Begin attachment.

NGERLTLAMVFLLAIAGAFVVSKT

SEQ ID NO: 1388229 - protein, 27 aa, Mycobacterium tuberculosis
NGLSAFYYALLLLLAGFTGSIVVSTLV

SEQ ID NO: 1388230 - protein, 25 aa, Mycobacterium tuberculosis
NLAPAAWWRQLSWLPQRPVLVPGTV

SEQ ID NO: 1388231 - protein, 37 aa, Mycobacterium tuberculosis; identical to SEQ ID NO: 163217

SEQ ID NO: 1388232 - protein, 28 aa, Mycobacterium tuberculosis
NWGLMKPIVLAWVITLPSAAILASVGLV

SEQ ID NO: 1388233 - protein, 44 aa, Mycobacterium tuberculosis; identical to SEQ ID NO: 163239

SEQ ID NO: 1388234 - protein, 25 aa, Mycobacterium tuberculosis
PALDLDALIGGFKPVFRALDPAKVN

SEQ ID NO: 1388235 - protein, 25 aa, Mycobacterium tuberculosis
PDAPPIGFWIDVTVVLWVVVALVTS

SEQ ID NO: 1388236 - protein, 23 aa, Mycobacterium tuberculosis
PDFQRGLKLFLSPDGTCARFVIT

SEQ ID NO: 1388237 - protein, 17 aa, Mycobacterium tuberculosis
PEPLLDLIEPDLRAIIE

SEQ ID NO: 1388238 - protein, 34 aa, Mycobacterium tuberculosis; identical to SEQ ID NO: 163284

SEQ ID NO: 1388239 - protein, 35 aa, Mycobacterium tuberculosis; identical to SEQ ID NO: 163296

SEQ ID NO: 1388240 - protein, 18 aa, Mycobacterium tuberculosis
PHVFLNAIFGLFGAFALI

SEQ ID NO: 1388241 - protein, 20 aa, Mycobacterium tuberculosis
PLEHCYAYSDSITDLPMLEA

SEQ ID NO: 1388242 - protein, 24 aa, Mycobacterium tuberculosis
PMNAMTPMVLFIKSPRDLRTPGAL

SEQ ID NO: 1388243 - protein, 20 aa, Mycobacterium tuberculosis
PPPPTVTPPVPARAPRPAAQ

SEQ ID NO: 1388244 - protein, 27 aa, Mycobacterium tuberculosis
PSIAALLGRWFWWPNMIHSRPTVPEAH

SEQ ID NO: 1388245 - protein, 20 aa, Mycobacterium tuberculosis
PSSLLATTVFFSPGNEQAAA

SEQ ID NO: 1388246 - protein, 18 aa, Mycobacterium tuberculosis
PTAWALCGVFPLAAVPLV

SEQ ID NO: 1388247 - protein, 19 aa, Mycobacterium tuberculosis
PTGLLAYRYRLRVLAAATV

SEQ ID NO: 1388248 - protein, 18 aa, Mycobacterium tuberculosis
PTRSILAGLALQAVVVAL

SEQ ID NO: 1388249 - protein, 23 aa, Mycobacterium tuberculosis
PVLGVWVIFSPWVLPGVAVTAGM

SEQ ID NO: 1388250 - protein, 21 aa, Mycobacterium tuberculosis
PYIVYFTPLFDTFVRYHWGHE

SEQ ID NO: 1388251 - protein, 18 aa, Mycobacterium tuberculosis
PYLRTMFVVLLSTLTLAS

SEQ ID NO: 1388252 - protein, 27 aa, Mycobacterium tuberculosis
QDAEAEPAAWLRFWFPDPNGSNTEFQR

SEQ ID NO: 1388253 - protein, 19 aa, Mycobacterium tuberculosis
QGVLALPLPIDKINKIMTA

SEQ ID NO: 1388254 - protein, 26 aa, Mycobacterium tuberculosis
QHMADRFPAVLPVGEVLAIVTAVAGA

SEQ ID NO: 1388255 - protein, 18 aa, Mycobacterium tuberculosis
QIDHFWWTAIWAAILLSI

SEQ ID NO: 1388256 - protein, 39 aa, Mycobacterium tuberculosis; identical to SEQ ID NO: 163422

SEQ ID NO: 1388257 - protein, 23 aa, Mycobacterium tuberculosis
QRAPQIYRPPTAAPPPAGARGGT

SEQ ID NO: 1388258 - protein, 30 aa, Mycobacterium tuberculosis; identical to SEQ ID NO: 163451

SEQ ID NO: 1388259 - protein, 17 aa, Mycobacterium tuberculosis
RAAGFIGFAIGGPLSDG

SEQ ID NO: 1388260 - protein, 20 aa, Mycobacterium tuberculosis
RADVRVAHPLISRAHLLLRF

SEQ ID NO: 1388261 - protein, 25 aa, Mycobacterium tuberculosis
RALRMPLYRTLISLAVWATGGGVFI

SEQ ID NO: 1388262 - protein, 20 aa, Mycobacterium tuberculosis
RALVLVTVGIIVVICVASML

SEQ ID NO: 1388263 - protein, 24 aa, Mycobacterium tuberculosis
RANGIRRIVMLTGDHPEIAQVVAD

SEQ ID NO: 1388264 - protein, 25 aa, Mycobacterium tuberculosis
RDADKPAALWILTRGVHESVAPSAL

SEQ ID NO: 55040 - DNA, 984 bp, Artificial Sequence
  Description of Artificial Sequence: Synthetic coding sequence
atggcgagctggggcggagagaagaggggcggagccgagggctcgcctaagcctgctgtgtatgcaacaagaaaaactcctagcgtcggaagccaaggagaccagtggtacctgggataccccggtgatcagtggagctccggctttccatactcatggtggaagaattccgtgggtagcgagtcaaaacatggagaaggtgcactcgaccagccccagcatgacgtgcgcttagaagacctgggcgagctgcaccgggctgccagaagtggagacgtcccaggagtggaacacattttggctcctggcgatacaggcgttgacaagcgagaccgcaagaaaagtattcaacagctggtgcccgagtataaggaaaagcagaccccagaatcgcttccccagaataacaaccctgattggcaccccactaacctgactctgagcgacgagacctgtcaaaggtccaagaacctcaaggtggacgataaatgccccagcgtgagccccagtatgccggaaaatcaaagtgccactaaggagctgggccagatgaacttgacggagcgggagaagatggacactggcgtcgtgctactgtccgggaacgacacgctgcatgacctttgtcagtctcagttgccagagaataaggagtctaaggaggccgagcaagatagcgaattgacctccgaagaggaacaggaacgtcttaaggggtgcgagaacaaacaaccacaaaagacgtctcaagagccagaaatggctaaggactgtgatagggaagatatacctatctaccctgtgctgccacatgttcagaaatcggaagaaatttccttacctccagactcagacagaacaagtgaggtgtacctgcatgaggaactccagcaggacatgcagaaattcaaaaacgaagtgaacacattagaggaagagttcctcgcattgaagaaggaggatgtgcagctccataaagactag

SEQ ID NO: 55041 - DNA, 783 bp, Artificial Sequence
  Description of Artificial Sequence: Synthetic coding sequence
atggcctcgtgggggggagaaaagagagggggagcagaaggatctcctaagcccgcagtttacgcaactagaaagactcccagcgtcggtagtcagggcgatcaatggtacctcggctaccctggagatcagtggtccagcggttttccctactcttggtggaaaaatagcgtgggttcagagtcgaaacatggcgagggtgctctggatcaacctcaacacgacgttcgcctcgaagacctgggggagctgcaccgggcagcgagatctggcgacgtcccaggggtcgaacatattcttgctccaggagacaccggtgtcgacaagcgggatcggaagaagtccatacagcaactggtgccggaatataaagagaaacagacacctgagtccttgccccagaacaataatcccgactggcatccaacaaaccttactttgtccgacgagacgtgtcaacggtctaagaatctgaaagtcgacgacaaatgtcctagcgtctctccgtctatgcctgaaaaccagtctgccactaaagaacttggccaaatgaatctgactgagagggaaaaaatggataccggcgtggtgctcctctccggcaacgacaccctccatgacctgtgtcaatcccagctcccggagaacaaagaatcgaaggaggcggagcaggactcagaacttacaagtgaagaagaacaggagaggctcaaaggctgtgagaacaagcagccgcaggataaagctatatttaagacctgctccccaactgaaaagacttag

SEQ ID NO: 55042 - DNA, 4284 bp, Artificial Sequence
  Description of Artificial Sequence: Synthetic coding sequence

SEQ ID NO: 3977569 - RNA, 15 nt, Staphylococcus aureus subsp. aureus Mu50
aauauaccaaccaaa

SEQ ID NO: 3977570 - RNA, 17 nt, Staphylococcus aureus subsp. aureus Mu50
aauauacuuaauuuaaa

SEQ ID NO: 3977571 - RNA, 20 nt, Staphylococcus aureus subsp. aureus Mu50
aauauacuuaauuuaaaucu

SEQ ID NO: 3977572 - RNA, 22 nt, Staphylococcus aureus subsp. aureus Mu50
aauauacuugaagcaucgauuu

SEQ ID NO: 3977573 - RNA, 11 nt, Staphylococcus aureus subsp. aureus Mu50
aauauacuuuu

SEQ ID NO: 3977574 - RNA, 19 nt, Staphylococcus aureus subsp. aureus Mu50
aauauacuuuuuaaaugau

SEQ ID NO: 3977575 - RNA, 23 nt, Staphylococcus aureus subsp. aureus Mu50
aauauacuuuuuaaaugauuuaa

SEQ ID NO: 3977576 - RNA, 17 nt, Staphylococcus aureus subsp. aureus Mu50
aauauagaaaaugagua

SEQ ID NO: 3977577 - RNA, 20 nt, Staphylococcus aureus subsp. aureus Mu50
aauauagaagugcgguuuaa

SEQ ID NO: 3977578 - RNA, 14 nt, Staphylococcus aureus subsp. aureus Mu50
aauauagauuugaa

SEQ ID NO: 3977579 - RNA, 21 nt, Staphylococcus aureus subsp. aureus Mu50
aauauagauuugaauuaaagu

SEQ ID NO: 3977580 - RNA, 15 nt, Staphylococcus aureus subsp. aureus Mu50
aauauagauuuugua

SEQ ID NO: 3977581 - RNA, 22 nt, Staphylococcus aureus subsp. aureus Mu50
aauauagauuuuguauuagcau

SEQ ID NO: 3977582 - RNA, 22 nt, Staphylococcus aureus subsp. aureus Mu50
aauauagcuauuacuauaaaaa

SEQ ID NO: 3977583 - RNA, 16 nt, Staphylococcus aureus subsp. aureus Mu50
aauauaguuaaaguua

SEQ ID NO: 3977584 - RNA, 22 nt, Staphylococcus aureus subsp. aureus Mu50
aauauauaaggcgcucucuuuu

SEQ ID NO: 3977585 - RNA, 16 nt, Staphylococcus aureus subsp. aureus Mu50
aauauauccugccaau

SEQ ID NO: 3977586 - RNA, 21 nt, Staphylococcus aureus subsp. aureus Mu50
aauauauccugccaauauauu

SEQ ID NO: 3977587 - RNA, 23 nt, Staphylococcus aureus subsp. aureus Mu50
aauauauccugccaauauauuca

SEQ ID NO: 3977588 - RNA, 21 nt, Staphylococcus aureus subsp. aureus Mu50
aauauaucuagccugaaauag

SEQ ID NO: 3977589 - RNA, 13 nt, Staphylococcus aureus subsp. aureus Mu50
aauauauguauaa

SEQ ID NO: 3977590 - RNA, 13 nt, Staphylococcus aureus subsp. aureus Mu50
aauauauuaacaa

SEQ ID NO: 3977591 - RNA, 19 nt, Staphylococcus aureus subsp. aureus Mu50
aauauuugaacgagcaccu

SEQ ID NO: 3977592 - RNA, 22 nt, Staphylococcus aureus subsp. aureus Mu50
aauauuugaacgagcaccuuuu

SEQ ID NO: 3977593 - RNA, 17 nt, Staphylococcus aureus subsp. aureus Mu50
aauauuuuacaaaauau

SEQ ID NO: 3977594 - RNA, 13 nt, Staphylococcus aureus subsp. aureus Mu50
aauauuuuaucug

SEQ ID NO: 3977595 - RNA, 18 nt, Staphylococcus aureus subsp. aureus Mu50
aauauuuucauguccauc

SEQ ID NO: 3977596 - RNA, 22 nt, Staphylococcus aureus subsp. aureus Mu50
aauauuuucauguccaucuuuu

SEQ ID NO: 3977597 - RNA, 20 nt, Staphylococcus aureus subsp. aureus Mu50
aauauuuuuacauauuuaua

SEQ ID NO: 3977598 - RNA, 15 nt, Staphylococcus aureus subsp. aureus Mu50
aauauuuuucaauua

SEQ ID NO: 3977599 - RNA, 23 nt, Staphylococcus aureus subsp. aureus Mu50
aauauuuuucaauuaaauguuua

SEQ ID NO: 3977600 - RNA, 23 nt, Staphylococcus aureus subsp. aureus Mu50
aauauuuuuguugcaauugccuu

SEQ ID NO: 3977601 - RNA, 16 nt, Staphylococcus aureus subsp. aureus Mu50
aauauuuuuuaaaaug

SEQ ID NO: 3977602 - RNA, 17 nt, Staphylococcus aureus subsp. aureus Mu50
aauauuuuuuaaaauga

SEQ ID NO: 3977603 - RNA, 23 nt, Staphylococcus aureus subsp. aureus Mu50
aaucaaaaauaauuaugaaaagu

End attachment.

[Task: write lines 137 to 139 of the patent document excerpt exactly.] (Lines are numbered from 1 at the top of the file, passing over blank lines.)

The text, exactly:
aauauuuuucaauuaaauguuua

SEQ ID NO: 3977600 - RNA, 23 nt, Staphylococcus aureus subsp. aureus Mu50
aauauuuuuguugcaauugccuu